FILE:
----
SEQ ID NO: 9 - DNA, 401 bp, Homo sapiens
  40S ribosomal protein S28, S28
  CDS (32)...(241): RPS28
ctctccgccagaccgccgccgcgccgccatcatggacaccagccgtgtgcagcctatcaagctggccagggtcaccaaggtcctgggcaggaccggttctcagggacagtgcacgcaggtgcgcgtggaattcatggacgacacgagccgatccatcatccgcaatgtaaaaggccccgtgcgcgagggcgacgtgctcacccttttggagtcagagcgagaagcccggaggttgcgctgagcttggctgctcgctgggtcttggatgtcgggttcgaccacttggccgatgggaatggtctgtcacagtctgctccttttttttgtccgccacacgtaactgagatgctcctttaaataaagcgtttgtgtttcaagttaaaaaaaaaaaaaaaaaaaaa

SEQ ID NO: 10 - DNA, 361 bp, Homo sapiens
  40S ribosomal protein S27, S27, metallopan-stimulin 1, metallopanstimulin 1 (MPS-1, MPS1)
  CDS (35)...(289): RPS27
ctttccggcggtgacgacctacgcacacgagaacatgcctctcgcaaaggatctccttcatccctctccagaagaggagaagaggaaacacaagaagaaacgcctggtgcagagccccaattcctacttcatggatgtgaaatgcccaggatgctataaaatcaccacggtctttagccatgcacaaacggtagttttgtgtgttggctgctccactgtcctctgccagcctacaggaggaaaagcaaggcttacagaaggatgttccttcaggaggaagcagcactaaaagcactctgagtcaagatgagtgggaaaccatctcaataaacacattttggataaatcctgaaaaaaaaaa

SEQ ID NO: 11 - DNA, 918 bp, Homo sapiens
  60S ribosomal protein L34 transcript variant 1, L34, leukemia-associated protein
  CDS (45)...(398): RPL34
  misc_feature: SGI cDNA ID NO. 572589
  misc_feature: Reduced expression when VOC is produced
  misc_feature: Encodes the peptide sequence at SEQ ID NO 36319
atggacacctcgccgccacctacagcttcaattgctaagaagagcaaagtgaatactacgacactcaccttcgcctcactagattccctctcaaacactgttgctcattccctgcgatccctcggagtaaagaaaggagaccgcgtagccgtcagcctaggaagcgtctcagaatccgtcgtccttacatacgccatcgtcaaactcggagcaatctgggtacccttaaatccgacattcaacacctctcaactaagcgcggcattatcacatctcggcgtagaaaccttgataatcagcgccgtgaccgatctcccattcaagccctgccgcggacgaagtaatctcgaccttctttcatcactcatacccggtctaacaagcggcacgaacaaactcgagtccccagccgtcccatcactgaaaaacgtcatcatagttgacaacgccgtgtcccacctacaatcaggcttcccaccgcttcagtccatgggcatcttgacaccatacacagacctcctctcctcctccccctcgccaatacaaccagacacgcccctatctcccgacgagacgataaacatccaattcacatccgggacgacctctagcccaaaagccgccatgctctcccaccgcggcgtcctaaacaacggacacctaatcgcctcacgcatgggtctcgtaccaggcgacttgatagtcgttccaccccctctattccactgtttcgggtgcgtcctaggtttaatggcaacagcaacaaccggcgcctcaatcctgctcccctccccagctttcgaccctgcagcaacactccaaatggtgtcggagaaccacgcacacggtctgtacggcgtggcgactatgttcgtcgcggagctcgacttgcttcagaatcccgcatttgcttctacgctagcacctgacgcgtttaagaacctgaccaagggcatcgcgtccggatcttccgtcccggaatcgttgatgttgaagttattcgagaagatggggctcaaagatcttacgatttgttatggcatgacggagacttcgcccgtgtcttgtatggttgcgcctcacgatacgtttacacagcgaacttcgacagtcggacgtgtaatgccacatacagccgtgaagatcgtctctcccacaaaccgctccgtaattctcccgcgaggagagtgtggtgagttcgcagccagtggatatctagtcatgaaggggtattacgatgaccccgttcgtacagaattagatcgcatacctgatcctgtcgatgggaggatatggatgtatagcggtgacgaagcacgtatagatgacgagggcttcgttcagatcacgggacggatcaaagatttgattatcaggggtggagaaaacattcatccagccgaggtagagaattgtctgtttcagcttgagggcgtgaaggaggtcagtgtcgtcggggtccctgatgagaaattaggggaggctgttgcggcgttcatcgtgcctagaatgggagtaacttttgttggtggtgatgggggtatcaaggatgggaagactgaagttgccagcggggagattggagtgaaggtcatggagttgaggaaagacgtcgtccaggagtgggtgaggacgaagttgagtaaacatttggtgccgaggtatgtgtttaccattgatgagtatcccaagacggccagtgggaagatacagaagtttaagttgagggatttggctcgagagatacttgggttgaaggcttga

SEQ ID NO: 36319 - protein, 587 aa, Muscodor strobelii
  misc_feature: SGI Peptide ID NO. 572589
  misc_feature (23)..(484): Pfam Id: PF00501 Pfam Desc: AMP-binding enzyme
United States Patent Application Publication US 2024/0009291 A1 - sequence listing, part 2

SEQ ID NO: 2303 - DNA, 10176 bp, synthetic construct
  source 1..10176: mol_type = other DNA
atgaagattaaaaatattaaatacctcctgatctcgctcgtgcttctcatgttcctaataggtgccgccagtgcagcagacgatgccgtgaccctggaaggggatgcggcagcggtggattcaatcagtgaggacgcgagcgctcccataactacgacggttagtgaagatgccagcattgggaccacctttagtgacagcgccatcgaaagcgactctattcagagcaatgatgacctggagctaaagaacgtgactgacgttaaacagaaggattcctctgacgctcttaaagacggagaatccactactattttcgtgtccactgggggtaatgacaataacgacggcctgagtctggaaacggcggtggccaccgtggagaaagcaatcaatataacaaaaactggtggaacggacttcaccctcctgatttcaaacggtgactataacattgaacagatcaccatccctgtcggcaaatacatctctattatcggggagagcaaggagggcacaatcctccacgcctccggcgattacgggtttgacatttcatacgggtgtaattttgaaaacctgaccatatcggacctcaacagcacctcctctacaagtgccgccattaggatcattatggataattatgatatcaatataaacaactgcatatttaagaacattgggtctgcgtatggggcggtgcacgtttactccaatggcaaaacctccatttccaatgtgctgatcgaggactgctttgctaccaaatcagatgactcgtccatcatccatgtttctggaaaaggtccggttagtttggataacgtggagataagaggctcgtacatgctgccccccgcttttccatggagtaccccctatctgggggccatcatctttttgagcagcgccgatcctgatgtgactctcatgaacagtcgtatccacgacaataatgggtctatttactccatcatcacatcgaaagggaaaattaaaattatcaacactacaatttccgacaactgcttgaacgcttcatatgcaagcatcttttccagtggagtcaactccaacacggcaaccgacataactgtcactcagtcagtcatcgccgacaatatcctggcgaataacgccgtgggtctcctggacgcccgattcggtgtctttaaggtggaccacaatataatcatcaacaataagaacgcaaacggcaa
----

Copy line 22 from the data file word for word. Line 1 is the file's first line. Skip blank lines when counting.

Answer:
atgaagattaaaaatattaaatacctcctgatctcgctcgtgcttctcatgttcctaataggtgccgccagtgcagcagacgatgccgtgaccctggaaggggatgcggcagcggtggattcaatcagtgaggacgcgagcgctcccataactacgacggttagtgaagatgccagcattgggaccacctttagtgacagcgccatcgaaagcgactctattcagagcaatgatgacctggagctaaagaacgtgactgacgttaaacagaaggattcctctgacgctcttaaagacggagaatccactactattttcgtgtccactgggggtaatgacaataacgacggcctgagtctggaaacggcggtggccaccgtggagaaagcaatcaatataacaaaaactggtggaacggacttcaccctcctgatttcaaacggtgactataacattgaacagatcaccatccctgtcggcaaatacatctctattatcggggagagcaaggagggcacaatcctccacgcctccggcgattacgggtttgacatttcatacgggtgtaattttgaaaacctgaccatatcggacctcaacagcacctcctctacaagtgccgccattaggatcattatggataattatgatatcaatataaacaactgcatatttaagaacattgggtctgcgtatggggcggtgcacgtttactccaatggcaaaacctccatttccaatgtgctgatcgaggactgctttgctaccaaatcagatgactcgtccatcatccatgtttctggaaaaggtccggttagtttggataacgtggagataagaggctcgtacatgctgccccccgcttttccatggagtaccccctatctgggggccatcatctttttgagcagcgccgatcctgatgtgactctcatgaacagtcgtatccacgacaataatgggtctatttactccatcatcacatcgaaagggaaaattaaaattatcaacactacaatttccgacaactgcttgaacgcttcatatgcaagcatcttttccagtggagtcaactccaacacggcaaccgacataactgtcactcagtcagtcatcgccgacaatatcctggcgaataacgccgtgggtctcctggacgcccgattcggtgtctttaaggtggaccacaatataatcatcaacaataagaacgcaaacggcaa